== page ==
CSIRO is developing new chemical solvents to capture carbon from coal-fired power station flue gases.
APP post-combustion capture research advances
CSIRO, with funding from the Australian Government through the Asia-Pacific Partnership (APP) Program on Clean Energy and Climate, has completed a four-year, multidisciplinary research effort assessing the role post-combustion carbon capture (PCC) may contribute to a low emission coal future for Australia, and the Asia-Pacific region.
22 June 2012 | Updated 30 October 2012
Coal provides around 75 per cent of Australia’s electricity, nearly 17 per cent of export income and approximately 40 per cent of the nation’s greenhouse gas emissions.
With low cost coal resources (relative to the global market), a highly competitive electricity market, limited water resources, and limited emission controls at its power stations, finding a commercially-viable solution to reduce Australian carbon emissions is a major challenge confronting government, business, and science.
PCC is a recognised leading technology for the capture of carbon dioxide (CO2) from power station emissions and has the advantage that it can be retrofitted to existing infrastructure.
With funding from the Australian Government through the Asia-Pacific Partnership (APP) Program on Clean Energy and Climate, a A$21 million four year research program led by CSIRO examined the effectiveness of PCC under Australian conditions.
Australia’s first PCC demonstration plants
Working with industry partners, two PCC pilot plants were successfully established and operated at existing Australian power stations at Delta Electricity’s Munmorah power station in NSW and at Stanwell Corp’s Tarong power station in Queensland.
The results showed that the PCC technology was able to capture more than 85 per cent of CO2 from the power station flue gases along with other gases such as sulphur dioxide (SO2).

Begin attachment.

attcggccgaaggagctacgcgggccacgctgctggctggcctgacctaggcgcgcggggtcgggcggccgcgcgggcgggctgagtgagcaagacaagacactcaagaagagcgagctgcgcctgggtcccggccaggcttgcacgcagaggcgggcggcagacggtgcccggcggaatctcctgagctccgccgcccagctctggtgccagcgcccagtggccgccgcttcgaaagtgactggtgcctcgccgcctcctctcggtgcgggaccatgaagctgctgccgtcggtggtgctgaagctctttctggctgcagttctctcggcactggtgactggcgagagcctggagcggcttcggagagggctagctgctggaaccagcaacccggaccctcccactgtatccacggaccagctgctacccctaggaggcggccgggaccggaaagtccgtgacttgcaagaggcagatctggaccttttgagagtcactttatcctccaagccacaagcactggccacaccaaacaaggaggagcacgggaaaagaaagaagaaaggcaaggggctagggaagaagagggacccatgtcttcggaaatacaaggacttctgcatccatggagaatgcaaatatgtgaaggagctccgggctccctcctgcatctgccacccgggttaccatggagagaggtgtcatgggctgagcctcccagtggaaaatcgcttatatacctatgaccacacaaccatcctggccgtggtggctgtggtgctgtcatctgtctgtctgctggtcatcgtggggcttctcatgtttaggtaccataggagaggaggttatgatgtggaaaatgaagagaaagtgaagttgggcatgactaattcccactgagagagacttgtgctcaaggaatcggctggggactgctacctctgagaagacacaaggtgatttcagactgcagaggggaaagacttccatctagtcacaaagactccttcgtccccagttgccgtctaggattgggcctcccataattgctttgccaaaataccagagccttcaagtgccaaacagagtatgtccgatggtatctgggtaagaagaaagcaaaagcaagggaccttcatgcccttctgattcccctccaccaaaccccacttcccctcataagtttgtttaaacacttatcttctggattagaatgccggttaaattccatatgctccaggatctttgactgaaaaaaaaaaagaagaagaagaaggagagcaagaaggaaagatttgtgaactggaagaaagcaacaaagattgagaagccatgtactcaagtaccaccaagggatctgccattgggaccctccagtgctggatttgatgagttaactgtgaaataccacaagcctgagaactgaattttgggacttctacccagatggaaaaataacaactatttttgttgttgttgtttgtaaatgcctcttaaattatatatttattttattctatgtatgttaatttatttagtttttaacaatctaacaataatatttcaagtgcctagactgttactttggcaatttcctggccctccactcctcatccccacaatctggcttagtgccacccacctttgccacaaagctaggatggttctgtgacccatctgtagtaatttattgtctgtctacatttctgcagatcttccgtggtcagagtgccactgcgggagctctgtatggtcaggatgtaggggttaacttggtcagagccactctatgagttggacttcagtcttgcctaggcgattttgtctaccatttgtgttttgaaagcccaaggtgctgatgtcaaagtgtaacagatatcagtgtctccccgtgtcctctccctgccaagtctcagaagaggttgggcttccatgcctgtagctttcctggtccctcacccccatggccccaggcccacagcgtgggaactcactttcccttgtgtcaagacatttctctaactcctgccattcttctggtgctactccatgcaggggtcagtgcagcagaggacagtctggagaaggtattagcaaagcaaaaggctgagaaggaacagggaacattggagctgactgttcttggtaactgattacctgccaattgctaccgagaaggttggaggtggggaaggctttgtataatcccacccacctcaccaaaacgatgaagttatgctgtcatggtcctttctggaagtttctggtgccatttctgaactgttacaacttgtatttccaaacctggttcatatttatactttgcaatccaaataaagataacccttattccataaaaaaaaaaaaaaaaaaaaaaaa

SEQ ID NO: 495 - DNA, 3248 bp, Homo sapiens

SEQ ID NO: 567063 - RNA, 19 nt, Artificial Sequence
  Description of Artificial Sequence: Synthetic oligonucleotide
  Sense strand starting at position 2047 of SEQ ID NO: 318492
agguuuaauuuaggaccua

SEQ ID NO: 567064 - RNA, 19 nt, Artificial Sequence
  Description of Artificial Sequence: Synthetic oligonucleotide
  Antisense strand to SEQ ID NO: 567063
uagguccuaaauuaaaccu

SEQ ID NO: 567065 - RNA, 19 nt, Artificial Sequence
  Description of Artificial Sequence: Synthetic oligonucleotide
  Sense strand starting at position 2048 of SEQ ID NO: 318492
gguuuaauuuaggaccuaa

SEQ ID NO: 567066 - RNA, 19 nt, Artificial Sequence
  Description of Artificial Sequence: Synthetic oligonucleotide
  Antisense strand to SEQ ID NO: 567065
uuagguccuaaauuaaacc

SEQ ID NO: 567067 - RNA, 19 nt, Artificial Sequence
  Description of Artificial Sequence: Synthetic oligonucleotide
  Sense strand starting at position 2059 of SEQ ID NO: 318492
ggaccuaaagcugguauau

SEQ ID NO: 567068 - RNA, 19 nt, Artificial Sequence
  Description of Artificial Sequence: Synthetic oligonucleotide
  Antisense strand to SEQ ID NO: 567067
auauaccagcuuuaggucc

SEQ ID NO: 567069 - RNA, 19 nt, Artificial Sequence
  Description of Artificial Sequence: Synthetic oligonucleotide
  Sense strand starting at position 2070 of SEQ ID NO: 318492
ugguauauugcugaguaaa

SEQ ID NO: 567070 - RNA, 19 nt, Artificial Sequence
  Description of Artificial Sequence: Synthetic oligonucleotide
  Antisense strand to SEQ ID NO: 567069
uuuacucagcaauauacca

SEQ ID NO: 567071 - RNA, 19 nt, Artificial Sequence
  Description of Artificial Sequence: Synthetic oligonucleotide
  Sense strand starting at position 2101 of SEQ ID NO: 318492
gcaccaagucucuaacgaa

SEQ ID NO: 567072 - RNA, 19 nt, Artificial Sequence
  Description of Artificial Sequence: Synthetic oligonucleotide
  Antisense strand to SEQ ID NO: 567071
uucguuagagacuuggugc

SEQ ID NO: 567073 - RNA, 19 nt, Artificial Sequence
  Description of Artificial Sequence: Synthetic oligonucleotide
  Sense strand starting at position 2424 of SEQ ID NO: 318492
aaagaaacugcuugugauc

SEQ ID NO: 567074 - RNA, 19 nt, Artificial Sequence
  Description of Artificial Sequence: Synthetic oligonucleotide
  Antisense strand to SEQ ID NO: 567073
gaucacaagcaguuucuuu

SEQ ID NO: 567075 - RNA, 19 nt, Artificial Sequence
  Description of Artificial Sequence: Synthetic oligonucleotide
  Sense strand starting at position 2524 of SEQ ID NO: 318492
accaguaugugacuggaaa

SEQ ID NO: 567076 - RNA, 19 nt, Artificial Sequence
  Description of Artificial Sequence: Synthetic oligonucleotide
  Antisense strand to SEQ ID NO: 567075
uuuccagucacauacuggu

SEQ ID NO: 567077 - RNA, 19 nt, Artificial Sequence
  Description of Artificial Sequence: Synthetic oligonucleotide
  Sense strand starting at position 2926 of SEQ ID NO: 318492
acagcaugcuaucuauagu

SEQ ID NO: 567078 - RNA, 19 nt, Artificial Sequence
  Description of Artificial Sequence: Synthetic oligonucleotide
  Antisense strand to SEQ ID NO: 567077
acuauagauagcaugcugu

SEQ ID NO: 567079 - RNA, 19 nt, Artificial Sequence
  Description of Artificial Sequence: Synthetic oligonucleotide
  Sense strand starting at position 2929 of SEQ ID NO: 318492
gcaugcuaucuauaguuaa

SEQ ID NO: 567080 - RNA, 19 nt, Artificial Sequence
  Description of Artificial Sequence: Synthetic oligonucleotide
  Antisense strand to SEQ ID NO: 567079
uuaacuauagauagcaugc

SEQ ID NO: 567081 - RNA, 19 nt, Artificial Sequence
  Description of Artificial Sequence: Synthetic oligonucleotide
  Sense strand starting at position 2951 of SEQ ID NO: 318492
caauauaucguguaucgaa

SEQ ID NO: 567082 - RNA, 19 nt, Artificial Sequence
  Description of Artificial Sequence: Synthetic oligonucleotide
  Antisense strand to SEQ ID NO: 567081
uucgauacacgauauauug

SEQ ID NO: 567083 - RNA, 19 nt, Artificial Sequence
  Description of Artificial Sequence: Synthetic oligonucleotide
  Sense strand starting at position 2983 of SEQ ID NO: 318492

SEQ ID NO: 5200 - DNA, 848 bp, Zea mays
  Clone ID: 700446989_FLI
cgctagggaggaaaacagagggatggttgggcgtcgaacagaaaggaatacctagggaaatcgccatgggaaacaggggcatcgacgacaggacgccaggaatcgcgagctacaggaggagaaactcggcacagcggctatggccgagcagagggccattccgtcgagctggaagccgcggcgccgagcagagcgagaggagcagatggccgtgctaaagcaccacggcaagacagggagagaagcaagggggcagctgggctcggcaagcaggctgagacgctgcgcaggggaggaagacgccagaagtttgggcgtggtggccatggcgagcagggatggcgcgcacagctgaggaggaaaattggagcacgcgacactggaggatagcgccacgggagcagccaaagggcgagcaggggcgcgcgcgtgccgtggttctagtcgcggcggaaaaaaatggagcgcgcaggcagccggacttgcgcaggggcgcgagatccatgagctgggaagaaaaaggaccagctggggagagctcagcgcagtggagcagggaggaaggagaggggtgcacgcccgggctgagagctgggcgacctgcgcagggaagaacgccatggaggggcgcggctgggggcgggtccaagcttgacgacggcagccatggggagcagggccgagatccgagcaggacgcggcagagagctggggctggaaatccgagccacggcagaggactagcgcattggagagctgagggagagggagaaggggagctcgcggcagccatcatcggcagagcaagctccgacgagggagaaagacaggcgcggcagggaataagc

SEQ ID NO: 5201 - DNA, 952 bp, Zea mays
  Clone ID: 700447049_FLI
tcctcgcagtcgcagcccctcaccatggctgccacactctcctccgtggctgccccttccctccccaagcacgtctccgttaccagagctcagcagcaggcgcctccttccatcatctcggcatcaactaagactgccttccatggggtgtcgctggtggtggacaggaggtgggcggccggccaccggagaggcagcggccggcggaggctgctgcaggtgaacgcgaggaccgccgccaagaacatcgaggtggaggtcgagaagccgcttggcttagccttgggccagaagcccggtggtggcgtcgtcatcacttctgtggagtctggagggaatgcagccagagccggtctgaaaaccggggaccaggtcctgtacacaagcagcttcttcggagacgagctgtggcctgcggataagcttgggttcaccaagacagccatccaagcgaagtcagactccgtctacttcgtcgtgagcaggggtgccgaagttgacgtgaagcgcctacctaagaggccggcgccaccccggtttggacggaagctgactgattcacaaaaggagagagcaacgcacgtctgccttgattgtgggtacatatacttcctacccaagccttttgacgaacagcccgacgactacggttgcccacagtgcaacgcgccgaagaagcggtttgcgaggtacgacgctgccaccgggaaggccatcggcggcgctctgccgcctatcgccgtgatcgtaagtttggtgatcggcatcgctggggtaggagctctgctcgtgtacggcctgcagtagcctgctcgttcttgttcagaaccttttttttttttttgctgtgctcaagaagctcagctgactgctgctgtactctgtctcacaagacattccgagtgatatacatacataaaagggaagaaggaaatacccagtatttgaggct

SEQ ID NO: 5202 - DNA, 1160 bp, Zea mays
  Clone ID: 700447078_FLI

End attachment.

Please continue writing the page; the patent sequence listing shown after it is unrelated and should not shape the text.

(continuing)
It proved that PCC technology can be fitted to both new and existing power stations and can be operated according to changing consumer demand in the electricity market.
The research also pinpointed the use of renewable energy, such as solar thermal, as an optional heating source for the PCC process, thus reducing the energy cost at the power station.
These first pilot-scale demonstrations of the technology provided invaluable practical experience of PCC in Australia ahead of large-scale implementation.
Laboratory assessment and advances
CSIRO also conducted complementary laboratory studies into the most efficient gas absorbents for CO2 capture.
Scientists tested more than 100 different liquid absorbents and identified a range of solvents that are more efficient than previously known.
Extensive laboratory studies focused on identifying the most efficient amine based absorbents, developing new designer amines and ionic liquids as well as introducing enzymes into the process. Also, a range of processes and designs were modelled, for both a PCC plant and full scale power station, for scale up to commercialisation.
CSIRO is continuing development of PCC with the aim of capturing all emissions with no energy penalty or loss of efficiency at Australian power stations.
The main challenges to implementation of PCC are the costs from additional capital investment and loss of efficiency at the power station – currently the capture of 90 per cent of carbon dioxide would result in a 30 per cent loss in power station efficiency.
CSIRO is working on ways to reduce this cost through improvements to the efficiency of the chemical capture reaction as well as the process at industrial scale.
While the cost imperative is important, once the technology is established, the costs of installing and operating a PCC system will fall substantially.
This work was completed in partnership with energy generators, Delta Electricity and Stanwell Corp. The program was funded through the Asia-Pacific Partnership (APP) on Clean Development and Climate and supported, by a grant from the Department of Resource, Energy and Tourism (DRET).
An important part of the APP program was collaboration among research organisations, technology suppliers and end-users in Australia, Japan, US, China and Korea to accelerate early adoption of the technology in member countries.
Download a copy of the full 132-page technical report Assessing post-combustion capture for coal-fired power station in Asia-Pacific Partnership countries (2012) [PDF 2.92MB].